A superficial study will confirm that Younis stands among the best partnership-builders ever. He has been involved in 63 century stands, putting him joint-ninth on the all-time list. Since he became a permanent presence, he has been involved in 51 out of the 114 that have been made in Tests he has played; in that period, as a percentage, that is the highest. But the relevant detail lies in the identity of his most prolific partners beyond the top two (Misbah and Yousuf). Fourteen of the stands have been made with Azhar Ali, Asad Shafiq, Ahmed Shehzad and Masood, a younger, inexperienced core, whose careers are still nascent.
Azhar and Shafiq, especially, feel like the Children of Younis. "Generally he keeps things very simple, he doesn't complicate when he comes in," Azhar, with whom Younis has seven hundred-plus stands, explained to me. "He doesn't mess with my game too much. Unless you do something really wrong, he doesn't say much. Whatever you do, do it with a clear mind. That is what he says."
In their 242-run stand in Pallekele, over more than 65 overs, Masood can't remember a conversation they might have had in the middle. And the pair knows each other well away from the field. When Masood reached his hundred, Younis joked about how bad his picture looked on the big screen but that was it. Masood did, however, recall that between 66 and 96 he didn't hit a single boundary and Younis hit only one (he hit two). Wordlessly they kept rotating strike so that, in that 18-over spell, the run rate was some way north of three. Later the coaching staff joked with Younis about his lack of communication with Masood. "When a guy is playing, why should I put pressure on him unnecessarily?" he responded.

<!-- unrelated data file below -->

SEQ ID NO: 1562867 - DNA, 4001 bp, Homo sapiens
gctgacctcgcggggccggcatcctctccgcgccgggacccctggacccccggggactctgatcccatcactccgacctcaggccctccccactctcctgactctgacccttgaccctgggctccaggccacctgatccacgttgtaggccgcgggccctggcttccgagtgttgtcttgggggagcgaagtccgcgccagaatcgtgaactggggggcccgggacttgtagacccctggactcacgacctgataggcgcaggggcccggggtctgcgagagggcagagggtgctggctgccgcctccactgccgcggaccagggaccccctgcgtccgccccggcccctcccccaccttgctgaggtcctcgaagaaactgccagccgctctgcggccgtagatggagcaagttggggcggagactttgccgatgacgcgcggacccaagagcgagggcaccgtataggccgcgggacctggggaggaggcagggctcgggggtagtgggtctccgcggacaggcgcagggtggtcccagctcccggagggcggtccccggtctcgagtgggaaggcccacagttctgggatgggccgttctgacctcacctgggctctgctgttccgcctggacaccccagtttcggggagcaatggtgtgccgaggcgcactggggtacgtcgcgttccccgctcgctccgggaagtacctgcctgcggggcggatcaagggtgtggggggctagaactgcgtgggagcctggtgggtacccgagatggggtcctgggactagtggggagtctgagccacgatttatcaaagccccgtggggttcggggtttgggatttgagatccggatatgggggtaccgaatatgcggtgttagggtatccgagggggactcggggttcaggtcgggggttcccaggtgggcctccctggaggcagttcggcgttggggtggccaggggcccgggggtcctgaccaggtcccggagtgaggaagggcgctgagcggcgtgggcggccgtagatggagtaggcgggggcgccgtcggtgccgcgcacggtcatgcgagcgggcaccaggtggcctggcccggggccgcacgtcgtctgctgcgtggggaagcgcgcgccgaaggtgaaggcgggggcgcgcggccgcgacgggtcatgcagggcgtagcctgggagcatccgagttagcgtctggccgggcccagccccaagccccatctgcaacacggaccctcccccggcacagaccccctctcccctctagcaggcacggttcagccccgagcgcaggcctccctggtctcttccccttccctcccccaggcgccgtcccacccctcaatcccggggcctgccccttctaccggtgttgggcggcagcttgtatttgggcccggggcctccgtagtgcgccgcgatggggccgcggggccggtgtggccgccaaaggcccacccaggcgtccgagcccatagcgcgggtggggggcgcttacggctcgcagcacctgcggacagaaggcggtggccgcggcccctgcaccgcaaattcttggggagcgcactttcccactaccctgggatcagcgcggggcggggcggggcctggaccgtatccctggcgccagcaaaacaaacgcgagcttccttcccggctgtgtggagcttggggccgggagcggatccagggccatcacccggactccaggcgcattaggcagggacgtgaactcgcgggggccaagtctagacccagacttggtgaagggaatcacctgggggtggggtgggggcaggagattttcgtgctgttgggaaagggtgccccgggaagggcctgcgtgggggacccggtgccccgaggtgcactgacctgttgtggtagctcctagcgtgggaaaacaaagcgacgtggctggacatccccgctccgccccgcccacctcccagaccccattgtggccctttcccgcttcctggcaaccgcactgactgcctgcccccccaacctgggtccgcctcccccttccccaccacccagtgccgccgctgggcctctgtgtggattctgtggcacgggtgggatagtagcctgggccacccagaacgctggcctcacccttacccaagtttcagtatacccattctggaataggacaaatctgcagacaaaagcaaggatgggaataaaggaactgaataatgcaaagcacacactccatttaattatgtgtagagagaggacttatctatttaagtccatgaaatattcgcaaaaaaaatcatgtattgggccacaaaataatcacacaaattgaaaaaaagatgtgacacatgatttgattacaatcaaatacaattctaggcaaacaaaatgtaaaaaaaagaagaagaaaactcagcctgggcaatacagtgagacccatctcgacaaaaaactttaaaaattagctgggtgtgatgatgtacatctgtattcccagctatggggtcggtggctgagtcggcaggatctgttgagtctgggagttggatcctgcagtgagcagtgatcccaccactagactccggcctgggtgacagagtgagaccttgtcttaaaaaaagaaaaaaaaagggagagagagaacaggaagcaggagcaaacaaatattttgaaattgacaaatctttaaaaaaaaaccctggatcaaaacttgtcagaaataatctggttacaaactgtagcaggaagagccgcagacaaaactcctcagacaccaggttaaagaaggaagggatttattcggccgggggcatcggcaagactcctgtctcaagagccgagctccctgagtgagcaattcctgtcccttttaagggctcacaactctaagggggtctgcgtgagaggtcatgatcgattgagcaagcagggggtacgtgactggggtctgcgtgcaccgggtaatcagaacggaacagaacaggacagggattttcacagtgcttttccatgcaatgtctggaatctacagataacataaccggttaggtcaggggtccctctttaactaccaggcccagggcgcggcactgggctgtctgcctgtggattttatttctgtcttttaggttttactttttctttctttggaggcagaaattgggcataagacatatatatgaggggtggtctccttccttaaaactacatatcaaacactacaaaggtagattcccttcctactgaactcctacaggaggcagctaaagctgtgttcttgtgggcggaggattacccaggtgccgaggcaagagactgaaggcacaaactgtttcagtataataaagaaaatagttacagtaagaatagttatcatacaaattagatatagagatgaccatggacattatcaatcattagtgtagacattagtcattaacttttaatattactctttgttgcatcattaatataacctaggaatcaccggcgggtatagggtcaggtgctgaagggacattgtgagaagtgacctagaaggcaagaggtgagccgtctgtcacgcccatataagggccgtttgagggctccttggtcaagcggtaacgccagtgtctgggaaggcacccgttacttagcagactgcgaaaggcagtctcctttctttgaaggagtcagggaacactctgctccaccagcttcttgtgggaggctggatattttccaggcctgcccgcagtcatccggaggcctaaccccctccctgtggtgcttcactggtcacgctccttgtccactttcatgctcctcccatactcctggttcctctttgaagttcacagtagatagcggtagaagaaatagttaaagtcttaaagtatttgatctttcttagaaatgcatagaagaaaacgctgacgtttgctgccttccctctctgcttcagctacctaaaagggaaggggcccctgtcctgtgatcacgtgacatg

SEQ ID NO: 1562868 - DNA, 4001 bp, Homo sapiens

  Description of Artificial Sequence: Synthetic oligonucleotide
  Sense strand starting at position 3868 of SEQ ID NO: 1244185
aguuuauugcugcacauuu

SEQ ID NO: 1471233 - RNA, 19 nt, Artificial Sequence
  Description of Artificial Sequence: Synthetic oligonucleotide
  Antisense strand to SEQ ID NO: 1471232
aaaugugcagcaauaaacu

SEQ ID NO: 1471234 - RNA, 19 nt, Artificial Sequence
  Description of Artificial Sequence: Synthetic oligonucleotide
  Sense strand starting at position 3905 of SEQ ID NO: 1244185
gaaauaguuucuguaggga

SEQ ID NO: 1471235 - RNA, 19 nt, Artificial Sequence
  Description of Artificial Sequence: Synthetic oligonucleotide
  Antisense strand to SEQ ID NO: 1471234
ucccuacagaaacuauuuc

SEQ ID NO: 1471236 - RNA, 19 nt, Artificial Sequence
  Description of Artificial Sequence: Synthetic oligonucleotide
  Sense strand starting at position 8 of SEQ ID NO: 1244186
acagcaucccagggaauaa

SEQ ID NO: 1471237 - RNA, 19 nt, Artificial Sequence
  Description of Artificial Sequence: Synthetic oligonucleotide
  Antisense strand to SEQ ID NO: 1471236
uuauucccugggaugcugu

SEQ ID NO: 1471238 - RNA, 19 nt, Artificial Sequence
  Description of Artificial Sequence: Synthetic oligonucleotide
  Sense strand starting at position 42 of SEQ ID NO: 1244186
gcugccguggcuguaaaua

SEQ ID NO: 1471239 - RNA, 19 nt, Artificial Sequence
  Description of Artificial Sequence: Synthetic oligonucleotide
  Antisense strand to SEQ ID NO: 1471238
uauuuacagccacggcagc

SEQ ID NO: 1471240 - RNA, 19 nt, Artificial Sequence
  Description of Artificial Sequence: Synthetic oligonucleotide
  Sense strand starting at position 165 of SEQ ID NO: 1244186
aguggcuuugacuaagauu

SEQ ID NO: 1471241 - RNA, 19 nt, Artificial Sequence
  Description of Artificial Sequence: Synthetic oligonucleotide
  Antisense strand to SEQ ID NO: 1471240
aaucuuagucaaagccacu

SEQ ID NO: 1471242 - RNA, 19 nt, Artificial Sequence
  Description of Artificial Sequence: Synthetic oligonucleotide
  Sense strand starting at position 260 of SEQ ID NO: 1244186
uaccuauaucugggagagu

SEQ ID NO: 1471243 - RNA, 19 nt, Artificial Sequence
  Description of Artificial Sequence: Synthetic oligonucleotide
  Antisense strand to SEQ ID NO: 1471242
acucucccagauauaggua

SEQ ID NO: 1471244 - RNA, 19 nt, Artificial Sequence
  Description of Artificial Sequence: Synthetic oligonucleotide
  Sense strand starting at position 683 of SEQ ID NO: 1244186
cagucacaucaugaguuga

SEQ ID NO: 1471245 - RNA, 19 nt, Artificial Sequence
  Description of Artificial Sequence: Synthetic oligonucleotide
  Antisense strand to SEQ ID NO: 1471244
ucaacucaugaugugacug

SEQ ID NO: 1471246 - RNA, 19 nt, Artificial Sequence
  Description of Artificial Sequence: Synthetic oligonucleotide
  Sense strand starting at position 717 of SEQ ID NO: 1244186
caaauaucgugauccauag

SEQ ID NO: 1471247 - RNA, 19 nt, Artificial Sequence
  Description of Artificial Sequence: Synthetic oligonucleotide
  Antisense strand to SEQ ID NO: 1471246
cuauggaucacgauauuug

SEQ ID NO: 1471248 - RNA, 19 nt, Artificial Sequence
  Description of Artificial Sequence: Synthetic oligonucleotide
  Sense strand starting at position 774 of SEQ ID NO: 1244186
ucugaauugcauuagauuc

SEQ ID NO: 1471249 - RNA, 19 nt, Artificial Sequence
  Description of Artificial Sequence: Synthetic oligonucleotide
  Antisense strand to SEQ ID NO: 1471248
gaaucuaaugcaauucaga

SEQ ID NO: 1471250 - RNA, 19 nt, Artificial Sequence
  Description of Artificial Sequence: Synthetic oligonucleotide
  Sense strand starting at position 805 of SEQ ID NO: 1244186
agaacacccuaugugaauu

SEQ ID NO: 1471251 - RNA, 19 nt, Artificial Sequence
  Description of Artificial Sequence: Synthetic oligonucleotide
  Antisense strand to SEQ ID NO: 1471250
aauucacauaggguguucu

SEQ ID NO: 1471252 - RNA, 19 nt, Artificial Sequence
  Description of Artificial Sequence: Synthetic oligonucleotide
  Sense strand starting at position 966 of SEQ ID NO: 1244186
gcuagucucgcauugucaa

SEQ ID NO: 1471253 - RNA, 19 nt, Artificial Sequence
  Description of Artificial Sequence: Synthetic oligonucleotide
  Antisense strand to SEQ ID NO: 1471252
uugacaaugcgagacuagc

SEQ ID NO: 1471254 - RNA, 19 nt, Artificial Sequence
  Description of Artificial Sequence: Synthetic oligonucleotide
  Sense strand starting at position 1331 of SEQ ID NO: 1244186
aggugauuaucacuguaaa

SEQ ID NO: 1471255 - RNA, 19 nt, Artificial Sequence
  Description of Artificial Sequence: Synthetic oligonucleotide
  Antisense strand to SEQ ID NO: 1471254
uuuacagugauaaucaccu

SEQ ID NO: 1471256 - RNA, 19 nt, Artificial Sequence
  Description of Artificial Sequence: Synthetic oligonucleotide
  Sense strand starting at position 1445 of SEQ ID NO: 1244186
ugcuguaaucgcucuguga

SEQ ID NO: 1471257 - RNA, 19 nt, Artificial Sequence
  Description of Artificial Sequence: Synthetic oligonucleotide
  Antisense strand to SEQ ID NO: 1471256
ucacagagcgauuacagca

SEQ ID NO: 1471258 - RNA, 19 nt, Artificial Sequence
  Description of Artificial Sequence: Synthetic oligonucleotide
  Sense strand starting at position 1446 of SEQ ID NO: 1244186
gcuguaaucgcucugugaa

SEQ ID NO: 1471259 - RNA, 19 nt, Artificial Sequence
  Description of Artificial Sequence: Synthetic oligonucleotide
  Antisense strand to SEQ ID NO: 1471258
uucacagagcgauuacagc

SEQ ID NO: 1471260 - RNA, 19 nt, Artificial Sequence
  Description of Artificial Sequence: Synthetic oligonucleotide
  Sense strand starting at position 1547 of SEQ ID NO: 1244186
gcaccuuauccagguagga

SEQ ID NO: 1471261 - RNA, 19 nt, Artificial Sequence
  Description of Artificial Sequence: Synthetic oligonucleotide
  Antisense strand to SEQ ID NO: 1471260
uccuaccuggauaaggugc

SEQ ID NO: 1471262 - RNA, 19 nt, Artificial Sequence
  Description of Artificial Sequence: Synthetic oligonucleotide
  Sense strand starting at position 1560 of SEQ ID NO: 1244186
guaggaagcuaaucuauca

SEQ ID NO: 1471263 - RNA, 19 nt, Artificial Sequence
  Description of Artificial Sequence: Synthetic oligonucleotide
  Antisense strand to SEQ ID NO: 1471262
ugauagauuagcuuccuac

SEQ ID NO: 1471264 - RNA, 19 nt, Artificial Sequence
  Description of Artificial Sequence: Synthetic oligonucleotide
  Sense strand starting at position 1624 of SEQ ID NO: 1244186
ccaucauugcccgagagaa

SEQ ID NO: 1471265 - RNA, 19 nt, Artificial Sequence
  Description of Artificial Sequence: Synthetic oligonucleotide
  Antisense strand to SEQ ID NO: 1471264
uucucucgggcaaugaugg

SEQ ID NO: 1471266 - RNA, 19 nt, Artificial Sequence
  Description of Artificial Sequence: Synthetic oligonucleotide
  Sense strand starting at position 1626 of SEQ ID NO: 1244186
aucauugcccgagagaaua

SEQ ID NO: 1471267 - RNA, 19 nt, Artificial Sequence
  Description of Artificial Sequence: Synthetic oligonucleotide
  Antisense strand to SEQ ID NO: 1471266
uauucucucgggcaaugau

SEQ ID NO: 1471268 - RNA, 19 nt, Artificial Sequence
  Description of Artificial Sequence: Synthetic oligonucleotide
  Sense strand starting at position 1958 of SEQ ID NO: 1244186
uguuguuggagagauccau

Off the field, technical advice tends to be in its simplest formulation; it's not given unsolicited but meant to be extracted, upon request. Be a little more open-chested against this bowler, he told Azhar once, or loosen your shoulders against him. Stand a little more upright he told Masood, narrowing the base a little. In a domestic game in Faisalabad a few years ago, a team-mate, Ahmed Shehzad, was dismissed lbw. Shehzad came to the dressing room complaining that the pitch was unfit, the umpire incompetent. He continued moaning about the decision over the next day.
After a while Younis had had enough. He called Shehzad in, asking him to bring his laptop. Shehzad is not, as is becoming evident in a stagnating career, a keen learner. He is, furthermore, not an easy man to convince of anything. Younis told Shehzad to watch the video of his dismissal, and the lead-up to it. After a while Shehzad became frustrated, unable to see what was wrong. Younis told him to be quiet, to listen, and talked him through the video, explaining step by step where he - and not the pitch or the umpire or God - had gone wrong.
"They have to become what they are," Younis told me in Karachi. "Whatever they are, only they can know. They cannot become what they are not. They have to be strong, or make themselves stronger. Because even Allah says he will not help those who don't help themselves.
"At some point all these guys will have a day, one day, when one will stand up and say: enough. Bus, bahut hogaye [enough is enough]. I said that to myself in 2001 and I didn't listen to anyone after that. My cricket changed. I mean, I struggled, but that is life, it will happen. But I just went about becoming what I am."